SPECIAL FEATURE
Rhadha - The dancing heart Part 2 -SUJATHA VIJAYARAGHAVAN Rhadha, senior Bharatanatyam exponent and guru, was honoured by Sri Krishna Gana Sabha with the title Acharya Choodamani on 5th December 2007 on the inaugural day of the 52nd Art and Dance Festival in Chennai. This is the concluding part of the article; the first part was published in Sruti 279. Rhadha now had an excellent team of disciples. I prepared the script and music in consultation with Rhadha and was the main singer for all the projects. My mother Ananthalakshmi Sadagopan composed the music for a number of songs, including most of the songs in the dance-drama Vallee Bharatam. T.K. Padmanabhan, enthusiastic associate in composing the instrumental score, composed an exquisite tillana in Sree raga for Meenakshi Ammai Pillai Tamil, presented first at the conference of the Tamil Isai Sangam. Soundara Kailasam, the Tamil poet, told Rhadha that she had brought goddess Meenakshi on stage in all her splendour and divinity. Between 1987 and 1999 Rhadha produced twenty dance-dramas and thematic presentations on widely varied topics (see box). Some memorable ones were Bhavaye Padmanabham, Jaya Jaya Gokula Bala, Desh and Buddha Deva. There were repeat performances of most of the dance-dramas and Rhadha was invited by the Music Academy to present Nauka Charitram and Vallee Bharatam.
 
MAIN FEATURE
 
MAIN FEATURE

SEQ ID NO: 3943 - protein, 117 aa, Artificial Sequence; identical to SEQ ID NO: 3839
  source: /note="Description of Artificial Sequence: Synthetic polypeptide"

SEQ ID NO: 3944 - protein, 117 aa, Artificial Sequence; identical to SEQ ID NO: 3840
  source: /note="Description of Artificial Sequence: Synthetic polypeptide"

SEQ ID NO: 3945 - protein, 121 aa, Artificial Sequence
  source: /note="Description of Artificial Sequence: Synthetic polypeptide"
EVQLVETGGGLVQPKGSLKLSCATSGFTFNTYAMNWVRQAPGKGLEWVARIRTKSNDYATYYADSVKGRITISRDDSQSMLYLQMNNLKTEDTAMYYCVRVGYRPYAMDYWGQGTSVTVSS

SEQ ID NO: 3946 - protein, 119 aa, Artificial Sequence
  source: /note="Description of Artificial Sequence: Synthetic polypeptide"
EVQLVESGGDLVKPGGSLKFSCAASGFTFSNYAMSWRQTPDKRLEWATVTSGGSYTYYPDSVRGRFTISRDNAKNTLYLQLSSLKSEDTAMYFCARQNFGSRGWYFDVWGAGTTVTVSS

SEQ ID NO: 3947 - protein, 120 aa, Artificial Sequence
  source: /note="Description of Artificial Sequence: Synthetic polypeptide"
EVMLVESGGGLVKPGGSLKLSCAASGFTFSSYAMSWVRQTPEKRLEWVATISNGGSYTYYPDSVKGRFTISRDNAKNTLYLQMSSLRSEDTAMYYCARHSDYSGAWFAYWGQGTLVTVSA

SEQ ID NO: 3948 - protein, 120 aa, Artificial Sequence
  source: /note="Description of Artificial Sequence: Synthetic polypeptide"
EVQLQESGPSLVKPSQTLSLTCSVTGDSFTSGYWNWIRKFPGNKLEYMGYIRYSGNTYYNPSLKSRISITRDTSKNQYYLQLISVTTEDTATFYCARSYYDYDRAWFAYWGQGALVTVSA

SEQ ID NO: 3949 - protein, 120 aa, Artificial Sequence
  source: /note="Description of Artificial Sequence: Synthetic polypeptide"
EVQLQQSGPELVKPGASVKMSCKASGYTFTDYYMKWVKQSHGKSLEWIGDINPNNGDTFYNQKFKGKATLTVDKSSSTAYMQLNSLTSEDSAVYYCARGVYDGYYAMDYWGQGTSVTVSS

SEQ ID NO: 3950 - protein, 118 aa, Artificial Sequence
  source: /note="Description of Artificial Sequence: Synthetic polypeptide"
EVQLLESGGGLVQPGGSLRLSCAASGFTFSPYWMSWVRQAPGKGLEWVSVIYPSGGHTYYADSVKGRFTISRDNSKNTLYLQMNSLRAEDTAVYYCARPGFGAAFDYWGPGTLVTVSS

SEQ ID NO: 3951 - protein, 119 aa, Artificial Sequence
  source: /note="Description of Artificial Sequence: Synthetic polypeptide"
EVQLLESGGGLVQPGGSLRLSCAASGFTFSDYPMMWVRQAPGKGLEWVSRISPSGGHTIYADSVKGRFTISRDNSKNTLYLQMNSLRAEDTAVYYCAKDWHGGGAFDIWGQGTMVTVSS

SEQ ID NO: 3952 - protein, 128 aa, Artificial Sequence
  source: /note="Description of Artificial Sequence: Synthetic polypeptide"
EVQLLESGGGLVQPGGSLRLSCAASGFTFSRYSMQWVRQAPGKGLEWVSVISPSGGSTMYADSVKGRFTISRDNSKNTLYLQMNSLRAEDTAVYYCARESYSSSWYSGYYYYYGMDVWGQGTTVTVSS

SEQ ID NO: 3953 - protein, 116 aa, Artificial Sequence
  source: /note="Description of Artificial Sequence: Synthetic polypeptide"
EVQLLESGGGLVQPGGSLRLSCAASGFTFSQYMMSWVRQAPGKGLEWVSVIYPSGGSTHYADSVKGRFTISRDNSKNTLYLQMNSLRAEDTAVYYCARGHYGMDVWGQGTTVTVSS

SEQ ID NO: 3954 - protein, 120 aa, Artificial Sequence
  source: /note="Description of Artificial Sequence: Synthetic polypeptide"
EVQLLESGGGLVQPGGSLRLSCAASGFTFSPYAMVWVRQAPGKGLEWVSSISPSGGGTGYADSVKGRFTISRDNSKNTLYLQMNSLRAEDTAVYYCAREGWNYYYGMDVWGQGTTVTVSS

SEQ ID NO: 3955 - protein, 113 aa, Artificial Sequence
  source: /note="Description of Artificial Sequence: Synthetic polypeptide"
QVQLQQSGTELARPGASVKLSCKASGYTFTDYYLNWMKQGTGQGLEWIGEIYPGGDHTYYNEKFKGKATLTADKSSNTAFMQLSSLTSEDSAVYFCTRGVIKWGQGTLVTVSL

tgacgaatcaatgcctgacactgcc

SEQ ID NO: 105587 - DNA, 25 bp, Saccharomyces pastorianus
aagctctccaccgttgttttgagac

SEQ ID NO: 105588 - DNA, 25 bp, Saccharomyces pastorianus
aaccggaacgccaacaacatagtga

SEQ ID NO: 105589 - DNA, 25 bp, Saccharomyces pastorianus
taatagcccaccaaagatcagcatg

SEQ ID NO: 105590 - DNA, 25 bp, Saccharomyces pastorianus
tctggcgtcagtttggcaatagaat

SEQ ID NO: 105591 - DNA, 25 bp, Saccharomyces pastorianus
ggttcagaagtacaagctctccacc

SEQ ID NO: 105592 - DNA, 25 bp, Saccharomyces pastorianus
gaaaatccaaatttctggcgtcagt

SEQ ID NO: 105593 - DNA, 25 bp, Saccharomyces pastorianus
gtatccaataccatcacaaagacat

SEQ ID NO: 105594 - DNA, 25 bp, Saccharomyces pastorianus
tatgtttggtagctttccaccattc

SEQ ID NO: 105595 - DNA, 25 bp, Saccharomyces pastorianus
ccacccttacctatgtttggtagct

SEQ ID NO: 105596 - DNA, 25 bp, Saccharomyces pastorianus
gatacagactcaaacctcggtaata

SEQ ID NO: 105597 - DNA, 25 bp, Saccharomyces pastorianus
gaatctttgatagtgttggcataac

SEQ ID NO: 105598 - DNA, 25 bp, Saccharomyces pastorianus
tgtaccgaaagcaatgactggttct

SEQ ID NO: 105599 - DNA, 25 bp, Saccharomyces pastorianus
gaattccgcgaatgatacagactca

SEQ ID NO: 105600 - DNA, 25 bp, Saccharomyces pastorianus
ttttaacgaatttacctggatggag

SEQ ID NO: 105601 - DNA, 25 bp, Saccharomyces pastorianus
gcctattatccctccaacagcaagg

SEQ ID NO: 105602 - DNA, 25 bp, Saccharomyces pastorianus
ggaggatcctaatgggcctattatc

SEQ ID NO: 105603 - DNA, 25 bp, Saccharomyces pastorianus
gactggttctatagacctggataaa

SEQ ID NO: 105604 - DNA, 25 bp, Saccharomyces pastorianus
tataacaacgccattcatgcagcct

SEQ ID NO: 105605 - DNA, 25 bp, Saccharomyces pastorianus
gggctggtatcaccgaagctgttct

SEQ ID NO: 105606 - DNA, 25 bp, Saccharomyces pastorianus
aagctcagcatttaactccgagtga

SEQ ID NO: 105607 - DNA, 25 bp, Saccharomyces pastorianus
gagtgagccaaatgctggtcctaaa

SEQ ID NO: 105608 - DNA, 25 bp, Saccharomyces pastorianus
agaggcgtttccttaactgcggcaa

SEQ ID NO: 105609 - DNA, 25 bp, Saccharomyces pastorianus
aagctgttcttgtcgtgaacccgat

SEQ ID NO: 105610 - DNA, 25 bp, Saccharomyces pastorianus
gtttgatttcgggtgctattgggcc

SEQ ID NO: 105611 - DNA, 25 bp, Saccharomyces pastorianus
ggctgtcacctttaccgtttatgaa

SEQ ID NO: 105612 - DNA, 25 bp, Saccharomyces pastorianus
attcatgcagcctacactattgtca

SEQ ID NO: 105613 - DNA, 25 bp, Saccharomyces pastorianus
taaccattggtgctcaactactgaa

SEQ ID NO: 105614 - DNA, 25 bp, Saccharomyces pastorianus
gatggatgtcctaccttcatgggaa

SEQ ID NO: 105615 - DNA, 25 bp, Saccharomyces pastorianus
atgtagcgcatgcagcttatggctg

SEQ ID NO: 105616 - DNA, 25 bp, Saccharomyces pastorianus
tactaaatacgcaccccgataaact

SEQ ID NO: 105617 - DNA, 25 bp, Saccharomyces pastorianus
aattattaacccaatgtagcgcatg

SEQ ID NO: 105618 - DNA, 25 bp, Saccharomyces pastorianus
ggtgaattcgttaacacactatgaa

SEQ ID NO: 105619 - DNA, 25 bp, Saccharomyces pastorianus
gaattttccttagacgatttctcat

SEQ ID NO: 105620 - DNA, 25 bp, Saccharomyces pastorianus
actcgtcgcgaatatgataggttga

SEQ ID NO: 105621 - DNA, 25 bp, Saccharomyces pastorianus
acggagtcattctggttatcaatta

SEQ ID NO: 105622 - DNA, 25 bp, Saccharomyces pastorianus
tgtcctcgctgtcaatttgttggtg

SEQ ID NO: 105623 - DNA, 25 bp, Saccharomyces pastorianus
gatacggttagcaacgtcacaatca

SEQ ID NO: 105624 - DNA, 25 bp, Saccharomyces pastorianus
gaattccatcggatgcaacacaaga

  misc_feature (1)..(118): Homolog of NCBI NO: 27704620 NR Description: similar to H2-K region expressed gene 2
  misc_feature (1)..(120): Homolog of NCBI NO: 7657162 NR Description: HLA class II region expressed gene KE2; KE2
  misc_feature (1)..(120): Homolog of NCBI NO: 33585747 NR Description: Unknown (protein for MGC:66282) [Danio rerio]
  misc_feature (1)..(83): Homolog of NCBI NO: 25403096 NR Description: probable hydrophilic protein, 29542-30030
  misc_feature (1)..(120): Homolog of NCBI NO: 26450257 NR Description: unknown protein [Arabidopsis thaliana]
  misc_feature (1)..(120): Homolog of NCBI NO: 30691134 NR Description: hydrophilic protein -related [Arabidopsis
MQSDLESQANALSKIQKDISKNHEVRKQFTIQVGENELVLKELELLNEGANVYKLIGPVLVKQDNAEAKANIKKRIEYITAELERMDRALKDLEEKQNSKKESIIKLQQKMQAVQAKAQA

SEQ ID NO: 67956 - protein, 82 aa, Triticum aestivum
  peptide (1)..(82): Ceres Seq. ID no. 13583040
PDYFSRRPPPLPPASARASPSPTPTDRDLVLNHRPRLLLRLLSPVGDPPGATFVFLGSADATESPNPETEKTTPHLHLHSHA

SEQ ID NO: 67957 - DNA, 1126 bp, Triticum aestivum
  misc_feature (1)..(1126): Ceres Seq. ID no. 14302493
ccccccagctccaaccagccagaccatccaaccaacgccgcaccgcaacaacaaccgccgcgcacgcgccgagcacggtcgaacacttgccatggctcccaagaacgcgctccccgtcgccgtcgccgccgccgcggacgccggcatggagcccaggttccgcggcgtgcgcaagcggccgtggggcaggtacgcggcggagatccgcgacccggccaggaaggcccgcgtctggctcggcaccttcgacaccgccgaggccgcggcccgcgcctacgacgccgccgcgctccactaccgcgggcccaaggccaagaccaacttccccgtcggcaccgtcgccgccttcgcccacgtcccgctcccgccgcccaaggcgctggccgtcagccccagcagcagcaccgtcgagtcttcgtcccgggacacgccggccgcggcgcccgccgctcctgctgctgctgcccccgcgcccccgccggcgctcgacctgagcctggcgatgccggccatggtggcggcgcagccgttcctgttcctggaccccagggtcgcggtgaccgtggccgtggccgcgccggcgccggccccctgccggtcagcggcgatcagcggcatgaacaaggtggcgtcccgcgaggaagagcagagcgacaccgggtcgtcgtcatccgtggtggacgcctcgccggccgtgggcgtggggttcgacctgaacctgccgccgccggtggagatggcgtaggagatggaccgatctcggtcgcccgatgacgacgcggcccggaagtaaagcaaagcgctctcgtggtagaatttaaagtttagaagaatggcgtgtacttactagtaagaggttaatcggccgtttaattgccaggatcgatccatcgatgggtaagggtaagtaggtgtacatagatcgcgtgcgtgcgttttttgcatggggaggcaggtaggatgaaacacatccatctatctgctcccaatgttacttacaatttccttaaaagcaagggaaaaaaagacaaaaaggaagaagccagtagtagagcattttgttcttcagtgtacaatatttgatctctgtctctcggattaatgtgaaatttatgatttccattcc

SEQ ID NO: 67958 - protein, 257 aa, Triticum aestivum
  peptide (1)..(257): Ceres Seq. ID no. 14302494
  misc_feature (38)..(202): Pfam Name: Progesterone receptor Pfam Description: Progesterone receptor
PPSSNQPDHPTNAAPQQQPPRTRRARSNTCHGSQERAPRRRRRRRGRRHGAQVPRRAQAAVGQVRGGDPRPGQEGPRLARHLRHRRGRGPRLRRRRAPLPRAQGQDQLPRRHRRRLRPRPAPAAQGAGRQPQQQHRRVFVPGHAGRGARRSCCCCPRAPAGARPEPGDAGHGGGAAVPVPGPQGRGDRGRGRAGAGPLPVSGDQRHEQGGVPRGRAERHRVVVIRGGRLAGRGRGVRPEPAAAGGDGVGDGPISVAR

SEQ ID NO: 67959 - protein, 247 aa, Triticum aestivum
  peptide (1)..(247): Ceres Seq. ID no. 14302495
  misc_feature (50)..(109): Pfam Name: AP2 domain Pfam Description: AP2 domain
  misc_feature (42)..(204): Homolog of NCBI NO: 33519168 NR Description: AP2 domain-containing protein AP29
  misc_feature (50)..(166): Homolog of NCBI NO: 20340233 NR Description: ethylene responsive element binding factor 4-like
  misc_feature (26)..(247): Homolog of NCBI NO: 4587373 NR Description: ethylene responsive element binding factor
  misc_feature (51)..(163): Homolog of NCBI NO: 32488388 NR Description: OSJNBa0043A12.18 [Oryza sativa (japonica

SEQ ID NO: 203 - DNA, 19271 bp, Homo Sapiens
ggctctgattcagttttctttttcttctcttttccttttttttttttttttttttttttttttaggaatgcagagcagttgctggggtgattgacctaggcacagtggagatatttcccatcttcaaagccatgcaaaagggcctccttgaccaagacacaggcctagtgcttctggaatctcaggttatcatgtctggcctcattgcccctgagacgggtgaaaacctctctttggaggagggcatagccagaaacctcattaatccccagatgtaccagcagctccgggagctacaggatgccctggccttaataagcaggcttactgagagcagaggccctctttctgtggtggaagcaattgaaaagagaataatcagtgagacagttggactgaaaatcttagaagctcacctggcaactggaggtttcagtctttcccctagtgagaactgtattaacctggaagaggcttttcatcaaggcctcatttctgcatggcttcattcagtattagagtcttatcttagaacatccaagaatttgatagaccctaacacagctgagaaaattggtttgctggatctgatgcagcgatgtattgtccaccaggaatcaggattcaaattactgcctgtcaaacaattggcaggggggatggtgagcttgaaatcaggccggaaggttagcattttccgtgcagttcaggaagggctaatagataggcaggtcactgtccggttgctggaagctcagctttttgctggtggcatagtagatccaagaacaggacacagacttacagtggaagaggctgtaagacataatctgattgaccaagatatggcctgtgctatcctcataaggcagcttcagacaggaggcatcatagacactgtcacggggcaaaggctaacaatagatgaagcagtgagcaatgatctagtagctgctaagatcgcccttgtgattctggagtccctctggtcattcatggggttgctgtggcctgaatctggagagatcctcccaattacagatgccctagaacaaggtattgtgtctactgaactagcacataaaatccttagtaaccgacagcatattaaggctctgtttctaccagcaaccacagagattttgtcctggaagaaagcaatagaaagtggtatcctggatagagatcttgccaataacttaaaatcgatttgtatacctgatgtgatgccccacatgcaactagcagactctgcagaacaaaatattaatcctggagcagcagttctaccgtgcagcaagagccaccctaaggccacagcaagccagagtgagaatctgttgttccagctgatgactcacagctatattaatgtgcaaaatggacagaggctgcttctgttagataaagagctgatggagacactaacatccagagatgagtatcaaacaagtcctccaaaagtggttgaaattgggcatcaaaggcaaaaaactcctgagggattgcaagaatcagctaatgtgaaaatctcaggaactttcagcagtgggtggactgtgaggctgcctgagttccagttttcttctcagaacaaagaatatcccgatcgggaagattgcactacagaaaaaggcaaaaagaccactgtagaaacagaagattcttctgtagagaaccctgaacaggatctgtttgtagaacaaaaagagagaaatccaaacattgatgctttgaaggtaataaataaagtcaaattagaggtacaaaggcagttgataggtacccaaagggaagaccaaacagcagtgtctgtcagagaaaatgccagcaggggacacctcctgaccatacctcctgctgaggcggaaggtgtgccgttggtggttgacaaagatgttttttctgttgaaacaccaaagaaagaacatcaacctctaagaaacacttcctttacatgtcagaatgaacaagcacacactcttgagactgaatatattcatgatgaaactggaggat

Manjiri Asnare-Kelkar A modern interpreter of an orthodox idiom - DEEPAK S. RAJA With the categoric steering of Jaipur-Atrauli vocalism towards romanticism by Kishori Amonkar, only an accidental modernisation could have given its orthodox idiom a fresh lease of life. Though her musicianship has yet to deliver its promise, Manjiri Asnare-Kelkar (born: 1971) could just be the accident the Jaipur legacy needed. Manjiri’s music maintains a substantial stylistic distance from the last orthodox stalwart, Dhondutai Kulkarni, as well as the revisionist exponent, Kishori Amonkar. And, yet there is no mistaking the orthodox Jaipur flavour in her music. Manjiri was selected by the Sangeet Natak Akademi for the first Bismillah Khan Memorial Award for Young Musicians in early 2007. A few years earlier, India Today, the influential news magazine, had hailed hers as the “voice that spans not merely two octaves, but two centuries”. In less than a decade, she has established a significant presence on the Indian concert platform, acquired a following abroad, and released five commercial recordings. She became a broadcaster on All India Radio at the age of 16, after topping its nationwide talent-search, and currently occupies the penultimate "A" grade. She holds post-graduate degrees in English Literature as well as Music. Coming to terms with a musician’s risks Manjiri spoke to the author on June 3, 2003 "My family is deeply involved with music. My grandfather was an advocate in Amravati (a town in north-eastern Maharashtra), and an excellent tabla player. He studied with the best percussionists in Amravati, and belonged to the Gyan Prakash Ghosh lineage. The family home was never without music and musicians. Because of my grandfather’s love for music, my father also got involved. He trained as a tabla player and, in his youth, stood first in the All India Radio national talent search competition."